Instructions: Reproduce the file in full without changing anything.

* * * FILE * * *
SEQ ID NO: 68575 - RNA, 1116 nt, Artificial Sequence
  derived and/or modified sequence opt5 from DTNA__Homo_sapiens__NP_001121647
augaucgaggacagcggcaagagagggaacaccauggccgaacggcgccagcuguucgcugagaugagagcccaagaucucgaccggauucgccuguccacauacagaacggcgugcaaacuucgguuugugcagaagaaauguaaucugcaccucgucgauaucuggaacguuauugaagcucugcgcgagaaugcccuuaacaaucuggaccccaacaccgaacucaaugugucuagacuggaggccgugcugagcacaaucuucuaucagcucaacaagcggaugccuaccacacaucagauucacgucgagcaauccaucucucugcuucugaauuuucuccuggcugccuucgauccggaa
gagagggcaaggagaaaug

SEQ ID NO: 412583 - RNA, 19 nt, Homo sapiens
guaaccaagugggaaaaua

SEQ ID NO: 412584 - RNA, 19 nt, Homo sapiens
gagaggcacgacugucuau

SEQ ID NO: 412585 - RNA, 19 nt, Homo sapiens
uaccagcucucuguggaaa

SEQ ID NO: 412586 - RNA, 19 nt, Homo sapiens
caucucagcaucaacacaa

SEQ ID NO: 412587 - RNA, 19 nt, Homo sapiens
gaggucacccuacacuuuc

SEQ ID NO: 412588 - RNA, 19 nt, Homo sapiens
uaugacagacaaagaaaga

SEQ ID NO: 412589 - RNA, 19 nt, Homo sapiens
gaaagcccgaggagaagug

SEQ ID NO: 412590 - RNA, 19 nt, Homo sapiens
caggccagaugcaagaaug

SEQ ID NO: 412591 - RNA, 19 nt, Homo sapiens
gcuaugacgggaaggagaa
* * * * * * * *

SEQ ID NO: 68575 - RNA, 1116 nt, Artificial Sequence
  derived and/or modified sequence opt5 from DTNA__Homo_sapiens__NP_001121647
augaucgaggacagcggcaagagagggaacaccauggccgaacggcgccagcuguucgcugagaugagagcccaagaucucgaccggauucgccuguccacauacagaacggcgugcaaacuucgguuugugcagaagaaauguaaucugcaccucgucgauaucuggaacguuauugaagcucugcgcgagaaugcccuuaacaaucuggaccccaacaccgaacucaaugugucuagacuggaggccgugcugagcacaaucuucuaucagcucaacaagcggaugccuaccacacaucagauucacgucgagcaauccaucucucugcuucugaauuuucuccuggcugccuucgauccggaa
gagagggcaaggagaaaug

SEQ ID NO: 412583 - RNA, 19 nt, Homo sapiens
guaaccaagugggaaaaua

SEQ ID NO: 412584 - RNA, 19 nt, Homo sapiens
gagaggcacgacugucuau

SEQ ID NO: 412585 - RNA, 19 nt, Homo sapiens
uaccagcucucuguggaaa

SEQ ID NO: 412586 - RNA, 19 nt, Homo sapiens
caucucagcaucaacacaa

SEQ ID NO: 412587 - RNA, 19 nt, Homo sapiens
gaggucacccuacacuuuc

SEQ ID NO: 412588 - RNA, 19 nt, Homo sapiens
uaugacagacaaagaaaga

SEQ ID NO: 412589 - RNA, 19 nt, Homo sapiens
gaaagcccgaggagaagug

SEQ ID NO: 412590 - RNA, 19 nt, Homo sapiens
caggccagaugcaagaaug

SEQ ID NO: 412591 - RNA, 19 nt, Homo sapiens
gcuaugacgggaaggagaa